This article is part of our 2019 Rewind. Follow along as we explore the best and most interesting movies, shows, performances, and more from 2019.
Every year, revelatory new acting talents emerge to turn our heads and brighten the cinematic horizon. 2019 has been no different, introducing us to a wealth of up-and-coming performers from across the world. Some were complete unknowns emerging from obscurity — Jimmie Fails, for example, or Honor Swinton Byrne — while others are familiar faces seen in a dramatically new light. Consider Noah Jupe: despite starring in a record-breaking blockbuster in 2018, it’s 2019’s indie darling Honey Boy that has heralded his arrival as a major one-to-watch.
As Jupe’s example shows, there is no hard-and-fast rule, no sure route to breaking out. Whether they announced themselves via supporting parts in foreign thrillers, a couple of scenes in a Tarantino movie, or lead roles in intimate self-portraits, together, 2019’s breakout actors have illuminated the myriad paths there are to stardom. We take a look at how 19 exciting new talents left their indelible mark on the year’s cinema below:
Jessie Buckley (Wild Rose)
Jessie Buckley didn’t exactly come out of nowhere; she was first launched into the public eye way back in 2008, when she came in a close second place on Andrew Lloyd-Webber’s musical-themed reality show I’d Do Anything. More recent performances in Taboo, Beast, and the BBC’s adaptation of War and Peace have since reignited her renown, but with star-making performances on both the TV and film frontiers this year, it’s 2019 that has proved to be her banner year.
Her double breakout couldn’t have come about as a result of two more contrasting roles: in Chernobyl, she plays a woman whose heartbreaking devotion to her firefighter husband gives the show its human face, while in Wild Rose, Buckley is a raucous presence, playing a Glaswegian ex-con trying to make something of herself through country music. Starkly different though they may be, in both performances, Buckley is instantly endearing, her seemingly bottomless screen charm deepening our emotional fascination with these stories.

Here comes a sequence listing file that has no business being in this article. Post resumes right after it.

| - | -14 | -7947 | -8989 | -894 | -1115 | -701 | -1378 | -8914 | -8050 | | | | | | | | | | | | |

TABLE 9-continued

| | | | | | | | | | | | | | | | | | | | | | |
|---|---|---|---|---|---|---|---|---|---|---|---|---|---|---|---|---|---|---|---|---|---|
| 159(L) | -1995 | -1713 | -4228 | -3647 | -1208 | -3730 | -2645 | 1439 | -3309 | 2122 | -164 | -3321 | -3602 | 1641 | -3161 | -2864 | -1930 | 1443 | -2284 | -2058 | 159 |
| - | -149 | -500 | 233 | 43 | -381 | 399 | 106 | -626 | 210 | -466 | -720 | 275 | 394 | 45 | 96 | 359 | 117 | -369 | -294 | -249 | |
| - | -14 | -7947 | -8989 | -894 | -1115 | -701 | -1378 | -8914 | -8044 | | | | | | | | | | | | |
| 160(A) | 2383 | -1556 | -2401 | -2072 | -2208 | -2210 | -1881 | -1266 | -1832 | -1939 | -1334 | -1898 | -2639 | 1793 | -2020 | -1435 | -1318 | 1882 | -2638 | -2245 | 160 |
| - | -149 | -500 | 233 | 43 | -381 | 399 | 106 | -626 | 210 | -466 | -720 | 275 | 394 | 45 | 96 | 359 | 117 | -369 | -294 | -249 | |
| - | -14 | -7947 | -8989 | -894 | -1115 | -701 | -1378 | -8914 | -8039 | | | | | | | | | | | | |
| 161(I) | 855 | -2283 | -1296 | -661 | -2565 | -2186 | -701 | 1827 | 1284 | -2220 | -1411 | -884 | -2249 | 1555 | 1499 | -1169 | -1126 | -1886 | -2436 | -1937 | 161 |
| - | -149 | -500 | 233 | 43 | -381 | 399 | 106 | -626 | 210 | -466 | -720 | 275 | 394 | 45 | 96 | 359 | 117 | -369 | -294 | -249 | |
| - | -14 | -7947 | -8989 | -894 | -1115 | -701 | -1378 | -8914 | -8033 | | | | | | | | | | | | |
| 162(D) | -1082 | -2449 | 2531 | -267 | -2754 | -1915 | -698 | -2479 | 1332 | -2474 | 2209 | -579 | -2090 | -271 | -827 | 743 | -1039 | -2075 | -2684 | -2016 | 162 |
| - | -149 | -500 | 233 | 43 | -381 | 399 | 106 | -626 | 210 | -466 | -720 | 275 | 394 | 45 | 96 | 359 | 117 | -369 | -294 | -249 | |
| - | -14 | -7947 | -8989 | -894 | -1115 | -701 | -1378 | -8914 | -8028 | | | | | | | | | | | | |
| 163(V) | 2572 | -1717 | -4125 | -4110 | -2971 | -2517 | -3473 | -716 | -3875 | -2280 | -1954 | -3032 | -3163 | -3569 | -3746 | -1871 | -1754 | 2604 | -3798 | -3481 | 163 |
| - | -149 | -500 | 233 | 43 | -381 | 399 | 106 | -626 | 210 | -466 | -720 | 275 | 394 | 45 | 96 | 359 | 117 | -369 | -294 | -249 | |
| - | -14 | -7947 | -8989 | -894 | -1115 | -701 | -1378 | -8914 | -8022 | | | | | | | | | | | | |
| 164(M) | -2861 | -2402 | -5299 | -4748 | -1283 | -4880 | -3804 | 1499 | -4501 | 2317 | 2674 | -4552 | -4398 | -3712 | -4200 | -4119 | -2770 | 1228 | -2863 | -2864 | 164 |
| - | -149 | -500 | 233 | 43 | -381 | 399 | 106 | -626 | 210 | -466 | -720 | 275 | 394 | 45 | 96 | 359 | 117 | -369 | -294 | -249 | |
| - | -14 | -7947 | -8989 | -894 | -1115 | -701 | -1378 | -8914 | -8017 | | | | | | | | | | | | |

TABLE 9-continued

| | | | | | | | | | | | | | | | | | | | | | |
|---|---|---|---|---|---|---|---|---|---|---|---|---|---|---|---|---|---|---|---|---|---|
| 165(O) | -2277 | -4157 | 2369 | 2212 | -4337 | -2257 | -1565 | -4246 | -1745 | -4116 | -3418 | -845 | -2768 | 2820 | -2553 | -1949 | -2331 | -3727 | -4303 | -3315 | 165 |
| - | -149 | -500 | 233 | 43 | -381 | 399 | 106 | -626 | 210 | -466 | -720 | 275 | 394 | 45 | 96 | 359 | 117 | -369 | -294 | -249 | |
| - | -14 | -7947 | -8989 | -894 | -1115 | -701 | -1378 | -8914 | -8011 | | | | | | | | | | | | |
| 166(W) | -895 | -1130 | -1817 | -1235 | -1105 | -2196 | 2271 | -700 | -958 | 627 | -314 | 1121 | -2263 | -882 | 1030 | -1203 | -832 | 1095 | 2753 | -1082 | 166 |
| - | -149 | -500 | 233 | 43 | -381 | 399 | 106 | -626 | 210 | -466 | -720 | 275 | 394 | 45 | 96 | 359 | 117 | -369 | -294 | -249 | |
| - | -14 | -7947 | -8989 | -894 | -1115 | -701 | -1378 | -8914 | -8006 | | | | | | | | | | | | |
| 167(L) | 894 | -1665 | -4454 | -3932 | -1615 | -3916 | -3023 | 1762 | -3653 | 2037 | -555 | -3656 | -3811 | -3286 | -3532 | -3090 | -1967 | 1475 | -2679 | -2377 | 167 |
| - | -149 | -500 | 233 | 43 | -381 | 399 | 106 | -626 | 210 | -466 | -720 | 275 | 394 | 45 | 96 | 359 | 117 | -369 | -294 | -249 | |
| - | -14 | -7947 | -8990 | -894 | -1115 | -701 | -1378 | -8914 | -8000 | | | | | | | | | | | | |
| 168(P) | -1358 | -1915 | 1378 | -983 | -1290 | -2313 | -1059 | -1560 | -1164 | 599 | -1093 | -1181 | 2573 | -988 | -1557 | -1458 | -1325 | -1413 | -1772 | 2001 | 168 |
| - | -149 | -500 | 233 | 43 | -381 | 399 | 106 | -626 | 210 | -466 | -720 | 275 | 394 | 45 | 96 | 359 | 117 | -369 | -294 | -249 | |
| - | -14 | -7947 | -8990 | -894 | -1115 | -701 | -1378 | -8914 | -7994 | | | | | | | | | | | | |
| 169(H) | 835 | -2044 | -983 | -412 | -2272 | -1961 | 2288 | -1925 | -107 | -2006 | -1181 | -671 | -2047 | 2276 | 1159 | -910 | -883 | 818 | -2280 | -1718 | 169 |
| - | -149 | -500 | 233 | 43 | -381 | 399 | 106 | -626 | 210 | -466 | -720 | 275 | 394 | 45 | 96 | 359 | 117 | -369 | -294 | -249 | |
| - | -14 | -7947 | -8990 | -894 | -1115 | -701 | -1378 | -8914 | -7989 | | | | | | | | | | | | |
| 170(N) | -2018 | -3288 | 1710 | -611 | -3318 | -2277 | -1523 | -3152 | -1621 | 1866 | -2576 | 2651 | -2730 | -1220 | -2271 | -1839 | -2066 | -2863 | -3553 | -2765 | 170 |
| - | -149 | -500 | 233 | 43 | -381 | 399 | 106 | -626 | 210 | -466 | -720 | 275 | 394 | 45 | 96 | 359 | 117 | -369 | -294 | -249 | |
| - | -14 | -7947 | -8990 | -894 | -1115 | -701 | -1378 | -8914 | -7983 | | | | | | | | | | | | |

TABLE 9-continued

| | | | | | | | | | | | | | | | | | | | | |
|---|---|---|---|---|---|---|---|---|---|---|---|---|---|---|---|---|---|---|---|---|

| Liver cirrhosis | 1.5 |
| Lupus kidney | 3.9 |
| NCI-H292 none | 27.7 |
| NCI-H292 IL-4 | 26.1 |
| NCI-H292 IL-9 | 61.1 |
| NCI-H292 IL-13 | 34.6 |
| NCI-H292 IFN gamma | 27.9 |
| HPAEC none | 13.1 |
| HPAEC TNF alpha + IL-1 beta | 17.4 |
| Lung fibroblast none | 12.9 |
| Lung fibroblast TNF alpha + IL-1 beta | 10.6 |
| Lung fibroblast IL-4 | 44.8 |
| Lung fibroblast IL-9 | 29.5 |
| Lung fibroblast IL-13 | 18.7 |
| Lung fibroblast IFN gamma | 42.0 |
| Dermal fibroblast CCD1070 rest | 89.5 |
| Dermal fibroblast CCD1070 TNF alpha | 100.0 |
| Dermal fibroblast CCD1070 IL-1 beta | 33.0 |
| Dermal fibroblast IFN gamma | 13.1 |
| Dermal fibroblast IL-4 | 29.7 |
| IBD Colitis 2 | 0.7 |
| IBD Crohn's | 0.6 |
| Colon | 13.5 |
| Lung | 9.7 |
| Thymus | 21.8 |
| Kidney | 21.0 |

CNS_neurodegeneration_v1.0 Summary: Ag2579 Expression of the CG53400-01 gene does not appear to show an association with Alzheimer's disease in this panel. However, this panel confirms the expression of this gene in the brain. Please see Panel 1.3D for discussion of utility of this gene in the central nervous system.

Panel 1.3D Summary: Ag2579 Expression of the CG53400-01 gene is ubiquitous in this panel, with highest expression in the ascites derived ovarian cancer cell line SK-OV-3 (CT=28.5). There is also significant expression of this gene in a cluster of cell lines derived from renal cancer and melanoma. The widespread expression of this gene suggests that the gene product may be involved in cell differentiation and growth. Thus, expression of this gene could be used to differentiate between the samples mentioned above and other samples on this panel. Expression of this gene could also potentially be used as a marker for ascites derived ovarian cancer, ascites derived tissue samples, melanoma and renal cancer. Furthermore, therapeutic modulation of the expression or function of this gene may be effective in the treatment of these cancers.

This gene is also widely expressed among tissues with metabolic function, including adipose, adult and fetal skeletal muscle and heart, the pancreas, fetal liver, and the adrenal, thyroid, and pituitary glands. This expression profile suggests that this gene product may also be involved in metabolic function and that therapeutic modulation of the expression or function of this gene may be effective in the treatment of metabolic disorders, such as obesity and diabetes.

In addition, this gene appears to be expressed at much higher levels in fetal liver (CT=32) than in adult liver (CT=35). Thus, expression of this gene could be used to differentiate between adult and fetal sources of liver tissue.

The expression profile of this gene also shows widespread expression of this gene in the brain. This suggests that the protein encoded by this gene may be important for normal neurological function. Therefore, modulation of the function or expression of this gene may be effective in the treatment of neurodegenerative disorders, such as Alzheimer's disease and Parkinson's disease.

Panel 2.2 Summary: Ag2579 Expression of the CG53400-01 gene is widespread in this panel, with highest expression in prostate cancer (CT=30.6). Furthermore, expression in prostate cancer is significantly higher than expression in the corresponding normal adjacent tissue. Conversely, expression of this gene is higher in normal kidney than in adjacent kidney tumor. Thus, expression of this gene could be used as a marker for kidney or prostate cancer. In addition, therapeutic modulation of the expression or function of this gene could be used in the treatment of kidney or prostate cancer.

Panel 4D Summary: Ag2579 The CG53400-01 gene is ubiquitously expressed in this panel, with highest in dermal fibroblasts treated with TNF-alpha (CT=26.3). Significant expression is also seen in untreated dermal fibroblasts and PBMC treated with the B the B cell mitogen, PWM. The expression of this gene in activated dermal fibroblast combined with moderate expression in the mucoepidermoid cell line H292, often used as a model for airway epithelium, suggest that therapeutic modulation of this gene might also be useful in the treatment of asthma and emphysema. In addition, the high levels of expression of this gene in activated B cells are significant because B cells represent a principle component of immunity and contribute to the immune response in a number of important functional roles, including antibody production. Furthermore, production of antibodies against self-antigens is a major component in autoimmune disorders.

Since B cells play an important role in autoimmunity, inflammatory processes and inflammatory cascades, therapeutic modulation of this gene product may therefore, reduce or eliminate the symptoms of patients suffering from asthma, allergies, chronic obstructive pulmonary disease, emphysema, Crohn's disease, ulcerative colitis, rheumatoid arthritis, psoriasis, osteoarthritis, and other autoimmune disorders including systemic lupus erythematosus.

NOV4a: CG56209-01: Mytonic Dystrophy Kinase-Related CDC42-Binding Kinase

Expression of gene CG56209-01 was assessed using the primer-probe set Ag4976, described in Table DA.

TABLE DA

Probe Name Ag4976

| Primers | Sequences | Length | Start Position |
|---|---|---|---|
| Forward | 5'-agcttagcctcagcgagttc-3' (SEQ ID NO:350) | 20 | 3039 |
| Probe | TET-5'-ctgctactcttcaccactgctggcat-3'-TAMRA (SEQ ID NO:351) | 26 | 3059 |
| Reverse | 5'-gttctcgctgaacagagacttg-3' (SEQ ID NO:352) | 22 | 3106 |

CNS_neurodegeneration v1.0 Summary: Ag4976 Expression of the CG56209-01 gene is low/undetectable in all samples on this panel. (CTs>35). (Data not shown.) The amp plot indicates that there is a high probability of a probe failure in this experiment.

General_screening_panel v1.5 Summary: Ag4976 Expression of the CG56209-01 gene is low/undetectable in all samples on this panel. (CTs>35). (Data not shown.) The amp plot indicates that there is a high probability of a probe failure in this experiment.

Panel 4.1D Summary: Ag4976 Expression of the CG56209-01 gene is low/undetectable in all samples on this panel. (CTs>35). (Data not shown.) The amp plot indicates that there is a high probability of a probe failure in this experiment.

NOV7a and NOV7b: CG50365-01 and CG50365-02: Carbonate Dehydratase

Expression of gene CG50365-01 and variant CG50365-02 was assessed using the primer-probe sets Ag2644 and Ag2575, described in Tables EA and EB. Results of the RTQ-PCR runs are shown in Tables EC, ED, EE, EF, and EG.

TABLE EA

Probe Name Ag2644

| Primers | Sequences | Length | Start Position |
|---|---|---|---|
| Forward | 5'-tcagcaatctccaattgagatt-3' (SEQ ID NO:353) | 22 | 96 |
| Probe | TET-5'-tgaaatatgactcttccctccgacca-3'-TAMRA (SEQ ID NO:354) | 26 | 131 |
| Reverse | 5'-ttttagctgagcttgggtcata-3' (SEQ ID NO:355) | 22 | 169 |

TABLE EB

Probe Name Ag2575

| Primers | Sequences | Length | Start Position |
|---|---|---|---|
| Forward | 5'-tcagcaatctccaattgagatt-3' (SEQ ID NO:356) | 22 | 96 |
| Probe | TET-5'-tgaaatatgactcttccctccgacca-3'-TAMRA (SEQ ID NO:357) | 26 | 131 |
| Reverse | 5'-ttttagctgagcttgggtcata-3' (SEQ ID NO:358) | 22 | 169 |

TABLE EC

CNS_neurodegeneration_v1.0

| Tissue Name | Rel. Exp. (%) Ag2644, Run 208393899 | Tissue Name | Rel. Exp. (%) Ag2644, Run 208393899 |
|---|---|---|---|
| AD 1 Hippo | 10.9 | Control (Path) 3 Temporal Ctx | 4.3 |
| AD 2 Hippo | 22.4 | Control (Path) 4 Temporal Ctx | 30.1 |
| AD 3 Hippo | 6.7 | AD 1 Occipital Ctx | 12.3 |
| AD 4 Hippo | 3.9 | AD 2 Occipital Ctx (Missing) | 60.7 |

Wild Rose, in particular, harks back to Buckley’s musical beginnings and demonstrates how the talents that first launched her to stardom have evolved dramatically since 2008 — and, like her supporting role in Judy, it’s also a winning argument for Buckley as a chameleonic performer. Period settings and brooding characters have tended to define her profile on the small screen, but Wild Rose showcases an entirely different spark you might not have known her capable of if you hadn’t been watching her back in 2008, when Lloyd-Webber told an 18-year old Buckley he saw the “sacred flame of star quality” in her. Eleven years later, she’s ablaze with it.
What’s next: Dolittle; Ironbark; I’m Thinking of Ending Things; Cottontail; Fargo (TV); Misbehaviour
Jimmie Fails and Jonathan Majors (The Last Black Man in San Francisco)
The Last Black Man in San Francisco succeeds at being many things at once: a love/hate letter to San Francisco, a rumination on home, history, and family, and a searing portrait of the human effects of gentrification. Joe Talbot’s debut feature is also remarkable for being a profoundly moving meditation on friendship, a crowning stroke that’s pulled off thanks to the two quietly powerful performances at its heart. Both Jimmie Fails and Jonathan Major’s characters have their idiosyncrasies — Mont (Majors) is a budding playwright given to eccentricity, and Jimmie (Fails, playing a fictionalized version of himself) is consumed by longing for an old family home — and one of the film’s chief triumphs is the way these actors breathe life into such complex parts. But where their performances leave the deepest mark is in the fraternal impression Majors and Fails leave. The rapport between their characters is so easy, so mutually and instinctively harmonious, that the film takes on an almost documentary feel, even if you don’t know it’s based on the life of Fails, a childhood friend of Talbot.